Before serving, whisk together the yogurt, cucumber, oil and some salt. Stir into the lentils the butter, lime juice and chopped coriander leaves, taste and season generously with salt. Divide into bowls, spoon yogurt on top and garnish with coriander.


Beef and apple tajine

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After last Easter’s lamb tajine cook off, it seemed right to give it a try to a different kind of meat,  now that Winter is on its way. For the same price, Si and Dave, on their Hairy Bikers version,  also got an opportunity redeem themselves from the least favourite tajine of the cook off.  It is slow food at it very slowest food. But, the result is a pure comfort food, packed with different flavours and textures, with sweet and spice notes.  Perfect for a cold Winter day… A word of warning, though:  it is a very heavy and filling dish. Most likely, it is also a caloric bomb…

Beef and apple tajine  (adapted from a recipe by Hairy Bikers found in BBC Goodfood)

Ingredients

  • 750g of  braising steak
  • 4 tbsp sunflower oil
  • 2 onions, halved and sliced
  • 2 garlic cloves, finely chopped
  • 2 tsp ground cumin
  • 2 tsp ground coriander
  • 1 tsp hot chilli powder
  • 400g can chopped tomatoes
  • 400g can chickpeas, drained and rinsed
  • 3 tbsp clear honey
  • 1 beef stock cube
  • 1 cinnamon stick
  • 1 medium sweet potato (around 400g)
  • 2 large apples
  • 25g bunch fresh coriander
  • 75g no-soak dried prunes, halved
  • flaked sea salt and freshly ground black pepper
  • For the garnish
  • 1 large red-skinned  apple
  • 15g butter
  • 1 tbsp clear honey

Method

If not using a tajine, preheat the oven to 180oC.

Trim the beef of any hard fat and cut into roughly 3cm chunks. Season all over with salt and pepper.

Heat one tablespoon of the oil in the tagine (or in a large non-stick frying pan, you are not using the tajine). Fry the beef in three batches over a high heat until lightly browned on all sides, adding a little more oil to the pan when needed.  Reserve or transfer each batch to a large flameproof casserole once browned.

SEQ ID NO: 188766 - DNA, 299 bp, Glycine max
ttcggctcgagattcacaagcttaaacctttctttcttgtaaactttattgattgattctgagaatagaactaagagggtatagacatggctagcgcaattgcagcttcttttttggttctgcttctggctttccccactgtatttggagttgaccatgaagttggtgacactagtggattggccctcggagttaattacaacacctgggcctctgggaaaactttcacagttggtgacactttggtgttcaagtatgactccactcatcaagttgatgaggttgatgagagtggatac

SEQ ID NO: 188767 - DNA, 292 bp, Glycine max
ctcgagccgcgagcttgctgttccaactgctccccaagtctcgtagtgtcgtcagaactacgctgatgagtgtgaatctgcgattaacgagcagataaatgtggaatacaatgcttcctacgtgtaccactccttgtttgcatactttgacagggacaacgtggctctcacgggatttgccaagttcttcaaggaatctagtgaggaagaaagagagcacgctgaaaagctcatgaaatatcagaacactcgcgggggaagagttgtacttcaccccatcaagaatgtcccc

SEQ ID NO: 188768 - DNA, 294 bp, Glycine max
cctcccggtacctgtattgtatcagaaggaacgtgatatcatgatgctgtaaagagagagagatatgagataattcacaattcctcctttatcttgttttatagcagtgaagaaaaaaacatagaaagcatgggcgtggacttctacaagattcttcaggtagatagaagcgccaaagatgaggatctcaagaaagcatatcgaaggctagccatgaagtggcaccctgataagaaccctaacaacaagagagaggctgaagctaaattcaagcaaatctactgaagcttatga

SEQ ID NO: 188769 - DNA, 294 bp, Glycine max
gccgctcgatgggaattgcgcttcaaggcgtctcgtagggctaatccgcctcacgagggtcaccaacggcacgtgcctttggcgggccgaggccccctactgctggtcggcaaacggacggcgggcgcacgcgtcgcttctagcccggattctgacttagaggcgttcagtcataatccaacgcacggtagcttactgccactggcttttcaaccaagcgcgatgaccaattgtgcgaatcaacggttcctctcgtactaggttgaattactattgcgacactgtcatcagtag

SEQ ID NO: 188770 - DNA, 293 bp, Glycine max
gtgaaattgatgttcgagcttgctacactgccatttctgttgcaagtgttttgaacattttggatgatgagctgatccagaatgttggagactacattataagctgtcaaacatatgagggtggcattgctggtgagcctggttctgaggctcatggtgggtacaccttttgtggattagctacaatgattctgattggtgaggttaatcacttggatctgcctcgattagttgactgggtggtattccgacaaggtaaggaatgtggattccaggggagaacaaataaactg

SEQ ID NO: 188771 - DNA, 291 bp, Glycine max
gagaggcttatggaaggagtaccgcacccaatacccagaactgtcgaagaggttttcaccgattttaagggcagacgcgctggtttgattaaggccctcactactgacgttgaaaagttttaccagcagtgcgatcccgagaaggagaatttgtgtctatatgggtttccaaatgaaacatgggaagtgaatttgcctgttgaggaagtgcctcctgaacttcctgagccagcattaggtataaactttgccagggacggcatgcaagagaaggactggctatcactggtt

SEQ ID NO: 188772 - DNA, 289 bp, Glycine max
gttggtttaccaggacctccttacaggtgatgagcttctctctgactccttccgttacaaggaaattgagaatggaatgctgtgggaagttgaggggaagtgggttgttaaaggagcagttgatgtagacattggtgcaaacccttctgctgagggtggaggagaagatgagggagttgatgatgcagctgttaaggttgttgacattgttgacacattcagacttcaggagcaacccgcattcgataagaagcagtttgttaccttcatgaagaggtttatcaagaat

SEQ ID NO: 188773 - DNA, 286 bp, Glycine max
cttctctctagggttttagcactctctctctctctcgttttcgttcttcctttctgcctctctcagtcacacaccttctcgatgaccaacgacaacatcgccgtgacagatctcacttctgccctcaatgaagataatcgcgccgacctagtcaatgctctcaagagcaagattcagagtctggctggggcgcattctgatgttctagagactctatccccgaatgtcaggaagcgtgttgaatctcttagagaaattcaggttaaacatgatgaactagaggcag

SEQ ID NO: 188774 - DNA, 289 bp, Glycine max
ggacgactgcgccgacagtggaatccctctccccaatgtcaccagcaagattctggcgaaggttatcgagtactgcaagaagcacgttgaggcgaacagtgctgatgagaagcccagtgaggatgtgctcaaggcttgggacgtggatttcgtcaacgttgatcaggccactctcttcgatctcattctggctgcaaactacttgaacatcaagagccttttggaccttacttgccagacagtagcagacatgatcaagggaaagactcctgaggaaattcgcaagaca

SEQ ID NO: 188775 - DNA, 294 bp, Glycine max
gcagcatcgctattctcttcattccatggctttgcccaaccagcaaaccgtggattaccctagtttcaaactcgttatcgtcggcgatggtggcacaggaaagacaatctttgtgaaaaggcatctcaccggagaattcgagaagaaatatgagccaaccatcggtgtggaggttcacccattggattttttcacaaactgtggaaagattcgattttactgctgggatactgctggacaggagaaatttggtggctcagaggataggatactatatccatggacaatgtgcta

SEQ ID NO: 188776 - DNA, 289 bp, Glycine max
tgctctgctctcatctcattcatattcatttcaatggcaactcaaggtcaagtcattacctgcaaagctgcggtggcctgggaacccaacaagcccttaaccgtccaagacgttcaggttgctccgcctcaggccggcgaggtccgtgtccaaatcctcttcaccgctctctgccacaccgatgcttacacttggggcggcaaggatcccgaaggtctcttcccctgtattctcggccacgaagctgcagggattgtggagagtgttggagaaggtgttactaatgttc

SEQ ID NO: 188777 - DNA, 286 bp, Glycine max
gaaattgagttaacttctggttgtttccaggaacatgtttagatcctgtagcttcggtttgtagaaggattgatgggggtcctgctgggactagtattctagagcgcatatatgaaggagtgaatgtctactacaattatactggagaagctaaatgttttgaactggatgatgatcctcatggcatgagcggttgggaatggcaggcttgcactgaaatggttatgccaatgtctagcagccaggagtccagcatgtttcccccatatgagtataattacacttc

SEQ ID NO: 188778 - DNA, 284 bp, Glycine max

Reduce the heat and add two tablespoons more oil to the tajine (or the frying pan). Fry the onions for five minutes, or until softened and lightly coloured, stirring regularly. Add the garlic and sprinkle with the cumin, coriander and chilli powder. Cook for 1-2 minutes more, stirring constantly.

Put the brown meat back to the tajine (or tip the onions and spices into the casserole with the beef). Add about 50ml of cold water to the tagine and mix well to lift the sediment from the bottom. In case you are not using the tajine, add 150mL of water to the frying pan and stir until the sediment is gone. Pour the water into the casserole.

Add about 150mL of water, the tomatoes and chickpeas to the casserole and stir in the honey. Crumble the stock cube over the top, add the cinnamon stick and stir well. Bring to a simmer on the hob, stirring a couple of times. Cover with the tajine and let cook for about 1½ hours. In case you are not using a tajine, you will have to use a bit more water (about 350mL), let it boil. Then cover the dish with a lid, transfer to the oven and cook for 1½ hours.

Ten minutes before the time is up, peel the sweet potato and cut into roughly 2.5cm chunks. Peel the apples, cut into quarters and remove the cores. Cut the apples into 2cm chunks. Trim the coriander and roughly chop half of the leaves.

If you are not using the tajine, carefully take the casserole out of the oven and remove the lid. Stir in the sweet potato, apples, prunes and chopped coriander. Cover once more and return to the oven. If you are using a tajine, just add the remaining ingredients and give it a good stir. In both cases,  cook for a further 45-60 minutes, or until the beef is very tender.

To make the garnish, cut the apple into quarters and remove the core. Slice each apple quarter lengthways into five. Season with ground black pepper. Melt the butter in a large non-stick frying pan and fry the apple slices over a high heat for 3-4 minutes, or until lightly browned, turning occasionally. Remove from the heat, drizzle with the honey and toss lightly.

Scatter the fried apples over the tajine in the casserole, scatter with roughly chopped coriander and serve.